6 Genius Little Ways I Repurpose Used Candle Jars
Welcome to Don’t Toss It, a new series that spotlights tips and tricks to give your old items new life. Despite the Marie Kondo craze and our sudden cultural fascination with decluttering, throwing things away isn’t always the best solution. In the spirit of exploring easy ways to be more sustainable, we’re sharing low-lift upcycling projects that even the most inexperienced of DIY-ers can tackle.
My apartment is essentially a graveyard for things that should have been thrown in the trash. Ombre paint chip strips have found a home on my gallery wall. Dead flowers (sorry, dried flowers) have taken the place of any living blooms, much to my roommate’s chagrin. And when it comes to the vessels I have adorning every available surface, they’re largely trash. Well technically, they’re upcycled trash: I have a thing for hoarding empty candle jars.
The root of my obsession with repurposing every glass and ceramic jar stems—as most things in my life are wont to do—from a borderline insane fear I have of accidentally tossing something I’ll one day have a use for. This fear is the reason I still own low-rise jeans. Except, in this case, repurposing old candle jars has proved incredibly fruitful; not to mention, more sustainable and budget-friendly.
Candles tend to run fairly expensive, and it seems a shame to waste them after they’re burnt out. Especially when they come in such pretty containers. Whether repurposed for organizational or ornamental functions, there are so many uses for old candle jars. The main problem is figuring out how to get them clean.
This is the method I have found to be most effective:
Remove any stickers. Pop your finished candles in the freezer for a minimum of 24 hours. Using a sharp knife, carefully jab at the wax to break it into pieces; once these fall out (usually taking the wick with them), your candle should be wax-free. Soak in a sink of warm, soapy water for an hour or so. Scrub with an old sponge or toothbrush to get rid of residue and soot. In more dire cases, you can also use Goo Gone. To really sanitize, run the now-empty jars through the dishwasher.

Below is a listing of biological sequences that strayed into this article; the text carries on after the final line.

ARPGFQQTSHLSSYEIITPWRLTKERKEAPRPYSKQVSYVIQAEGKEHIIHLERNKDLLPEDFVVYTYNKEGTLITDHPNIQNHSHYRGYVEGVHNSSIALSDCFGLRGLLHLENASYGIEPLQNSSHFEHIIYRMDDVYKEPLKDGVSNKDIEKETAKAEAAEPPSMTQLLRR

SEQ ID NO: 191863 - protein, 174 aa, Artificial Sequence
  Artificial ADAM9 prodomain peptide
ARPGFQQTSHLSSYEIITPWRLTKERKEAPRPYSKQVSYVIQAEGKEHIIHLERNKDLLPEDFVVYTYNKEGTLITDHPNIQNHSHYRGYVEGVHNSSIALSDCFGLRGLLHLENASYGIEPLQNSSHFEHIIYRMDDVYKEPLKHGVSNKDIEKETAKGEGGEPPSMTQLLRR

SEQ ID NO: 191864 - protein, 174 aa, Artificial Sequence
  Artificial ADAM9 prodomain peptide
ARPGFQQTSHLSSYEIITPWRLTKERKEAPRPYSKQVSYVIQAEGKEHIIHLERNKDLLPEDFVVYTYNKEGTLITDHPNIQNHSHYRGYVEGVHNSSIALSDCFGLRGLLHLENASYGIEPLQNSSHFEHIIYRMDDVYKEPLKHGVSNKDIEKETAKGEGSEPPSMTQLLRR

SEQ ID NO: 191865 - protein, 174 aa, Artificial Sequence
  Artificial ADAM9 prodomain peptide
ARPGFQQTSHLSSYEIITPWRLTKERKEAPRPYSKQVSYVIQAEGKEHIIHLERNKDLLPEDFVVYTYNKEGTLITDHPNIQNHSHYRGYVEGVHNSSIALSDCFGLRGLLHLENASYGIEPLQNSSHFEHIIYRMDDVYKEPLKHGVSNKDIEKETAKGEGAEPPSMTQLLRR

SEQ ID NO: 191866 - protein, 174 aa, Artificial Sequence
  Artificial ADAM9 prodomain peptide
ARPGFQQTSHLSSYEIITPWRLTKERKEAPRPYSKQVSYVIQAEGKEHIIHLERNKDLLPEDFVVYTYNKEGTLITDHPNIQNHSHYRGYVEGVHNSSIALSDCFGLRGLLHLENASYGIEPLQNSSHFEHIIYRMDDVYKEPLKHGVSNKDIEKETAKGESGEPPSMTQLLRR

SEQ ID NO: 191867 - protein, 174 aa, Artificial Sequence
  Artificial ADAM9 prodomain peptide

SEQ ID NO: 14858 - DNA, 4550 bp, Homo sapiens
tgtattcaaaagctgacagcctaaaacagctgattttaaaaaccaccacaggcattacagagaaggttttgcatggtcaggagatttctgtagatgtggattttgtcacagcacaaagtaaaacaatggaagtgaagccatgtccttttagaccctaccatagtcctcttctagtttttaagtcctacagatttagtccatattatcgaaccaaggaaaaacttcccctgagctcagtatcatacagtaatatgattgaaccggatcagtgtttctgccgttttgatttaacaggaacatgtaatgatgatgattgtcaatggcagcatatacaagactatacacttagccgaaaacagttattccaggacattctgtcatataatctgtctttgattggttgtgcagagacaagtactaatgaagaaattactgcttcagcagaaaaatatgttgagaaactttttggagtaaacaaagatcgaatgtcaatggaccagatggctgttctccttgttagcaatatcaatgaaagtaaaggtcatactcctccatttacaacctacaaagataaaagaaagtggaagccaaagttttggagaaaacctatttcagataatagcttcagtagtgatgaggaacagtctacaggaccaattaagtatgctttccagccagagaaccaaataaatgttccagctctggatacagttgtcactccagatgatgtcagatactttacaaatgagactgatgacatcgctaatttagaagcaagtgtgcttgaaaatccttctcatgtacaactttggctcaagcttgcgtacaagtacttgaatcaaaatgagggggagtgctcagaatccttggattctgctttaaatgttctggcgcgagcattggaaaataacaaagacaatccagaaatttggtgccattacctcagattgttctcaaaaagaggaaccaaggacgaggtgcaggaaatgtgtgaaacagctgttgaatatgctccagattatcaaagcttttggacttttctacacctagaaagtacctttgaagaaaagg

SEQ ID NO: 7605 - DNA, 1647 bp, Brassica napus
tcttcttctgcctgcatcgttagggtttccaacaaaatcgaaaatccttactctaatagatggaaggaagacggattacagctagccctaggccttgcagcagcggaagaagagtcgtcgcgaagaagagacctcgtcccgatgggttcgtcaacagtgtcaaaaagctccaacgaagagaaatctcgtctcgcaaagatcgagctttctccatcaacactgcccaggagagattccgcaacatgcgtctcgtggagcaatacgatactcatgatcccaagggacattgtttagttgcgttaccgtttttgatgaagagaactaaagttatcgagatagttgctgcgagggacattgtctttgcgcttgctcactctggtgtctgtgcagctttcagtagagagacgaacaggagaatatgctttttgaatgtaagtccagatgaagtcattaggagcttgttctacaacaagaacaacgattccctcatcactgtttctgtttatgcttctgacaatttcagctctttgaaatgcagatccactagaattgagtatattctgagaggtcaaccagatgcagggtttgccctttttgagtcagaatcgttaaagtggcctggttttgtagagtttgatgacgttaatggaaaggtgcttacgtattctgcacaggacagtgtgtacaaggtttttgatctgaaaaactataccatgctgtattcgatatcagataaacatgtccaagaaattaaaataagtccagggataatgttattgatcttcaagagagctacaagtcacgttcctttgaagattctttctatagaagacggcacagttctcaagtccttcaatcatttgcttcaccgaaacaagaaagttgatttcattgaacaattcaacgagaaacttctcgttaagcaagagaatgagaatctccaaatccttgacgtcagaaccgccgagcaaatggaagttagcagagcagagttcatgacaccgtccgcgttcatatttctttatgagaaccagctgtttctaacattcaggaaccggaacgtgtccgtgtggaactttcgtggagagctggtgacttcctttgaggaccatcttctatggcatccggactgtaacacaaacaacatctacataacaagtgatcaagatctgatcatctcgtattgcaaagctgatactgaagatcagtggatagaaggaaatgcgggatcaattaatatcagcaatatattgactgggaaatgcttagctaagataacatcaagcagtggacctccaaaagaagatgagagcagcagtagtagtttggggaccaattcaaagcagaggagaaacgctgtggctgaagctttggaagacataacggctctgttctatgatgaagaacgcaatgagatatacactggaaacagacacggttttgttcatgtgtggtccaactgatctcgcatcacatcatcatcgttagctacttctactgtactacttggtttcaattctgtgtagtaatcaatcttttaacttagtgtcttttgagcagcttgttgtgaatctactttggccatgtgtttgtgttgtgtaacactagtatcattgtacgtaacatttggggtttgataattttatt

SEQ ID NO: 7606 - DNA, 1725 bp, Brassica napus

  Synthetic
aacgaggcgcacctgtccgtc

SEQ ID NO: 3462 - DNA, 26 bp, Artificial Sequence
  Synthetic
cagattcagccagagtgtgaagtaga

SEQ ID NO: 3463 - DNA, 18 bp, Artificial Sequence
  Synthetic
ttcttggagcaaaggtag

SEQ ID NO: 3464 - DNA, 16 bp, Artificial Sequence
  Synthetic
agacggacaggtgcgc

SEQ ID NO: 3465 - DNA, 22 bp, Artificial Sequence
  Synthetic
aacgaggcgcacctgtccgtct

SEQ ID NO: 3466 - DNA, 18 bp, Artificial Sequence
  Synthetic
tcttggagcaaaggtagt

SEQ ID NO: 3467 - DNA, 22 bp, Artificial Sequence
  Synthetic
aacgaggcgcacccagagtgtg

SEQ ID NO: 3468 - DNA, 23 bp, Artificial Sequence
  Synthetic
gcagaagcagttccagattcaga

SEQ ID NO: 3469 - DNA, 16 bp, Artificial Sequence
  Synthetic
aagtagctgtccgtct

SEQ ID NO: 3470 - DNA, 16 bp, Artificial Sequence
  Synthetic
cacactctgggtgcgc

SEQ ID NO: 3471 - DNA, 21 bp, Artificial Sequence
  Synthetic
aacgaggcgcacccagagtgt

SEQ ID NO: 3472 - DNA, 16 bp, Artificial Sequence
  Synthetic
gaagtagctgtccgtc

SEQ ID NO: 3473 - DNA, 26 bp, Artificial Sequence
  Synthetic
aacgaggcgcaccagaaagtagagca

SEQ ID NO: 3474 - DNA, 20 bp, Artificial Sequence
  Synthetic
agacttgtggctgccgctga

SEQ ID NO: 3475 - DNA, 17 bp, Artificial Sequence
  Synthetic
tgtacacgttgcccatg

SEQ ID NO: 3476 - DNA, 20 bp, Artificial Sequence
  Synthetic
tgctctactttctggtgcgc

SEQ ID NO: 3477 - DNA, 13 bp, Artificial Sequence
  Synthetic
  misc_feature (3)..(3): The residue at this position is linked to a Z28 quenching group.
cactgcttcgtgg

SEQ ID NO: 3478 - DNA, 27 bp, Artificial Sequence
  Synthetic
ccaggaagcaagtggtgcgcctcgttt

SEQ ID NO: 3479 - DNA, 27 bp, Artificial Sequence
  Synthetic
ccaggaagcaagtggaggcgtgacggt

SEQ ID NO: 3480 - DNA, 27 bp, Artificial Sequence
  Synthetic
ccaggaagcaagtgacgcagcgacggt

Convinced yet? Here are a few ways to reuse candle jars in every room of your home.
More often than not, plants bought at garden centers don’t come in the most interesting pots. If you have a terra-cotta candle jar, use it to re-pot your succulents and other hard-to-kill greenery. These tiny planters make a great addition to an empty windowsill.
Cotton Beauty Product Holders
Are your medicine and under-sink cabinets cluttered with boxes of Q-tips and plastic tubes of cotton pads? Use sleek glass jars to organize them in style. You’ll be able to use them to decorate your bathroom vanity without worrying about anything clashing with your aesthetic.
Coffee Table Centerpiece
Larger candle jars make the perfect containers for things like shells or polaroids and, in turn, are a great centerpiece for your living room coffee table or end table. I collect matchboxes (because I am a cliche) and store them all in one frosted glass vessel that once housed a three-wick candle.
If your entryway doesn’t have room for much more than a mounted picture ledge, use a smaller jar to hold things like keys and that one lipstick you always grab before running out the door.
Aside from two massive water glasses sourced from IKEA, every single cup in my kitchen used to be a candle. I love the mismatched look, and if your style errs more eclectic, collecting an assortment of glass jars in different shapes, colors, and sizes is a budget-friendly way to build out your kitchenware inventory. Plus, they’ll look pretty great on open shelving.
If you work from home, eschew traditional office supplies—which can often feel a bit cold and corporate—for something a little more style-driven. Chic ceramic candle holders make great catchalls for necessities like writing utensils or paper clips.
See more genius ways to recycle in style:
10 Creative Ways to Upcycle Old Textiles
Everything in This Irish Cottage Has Been Upcycled or DIY’d
How One Person Finds Home Decor Treasures in Other People’s Trash
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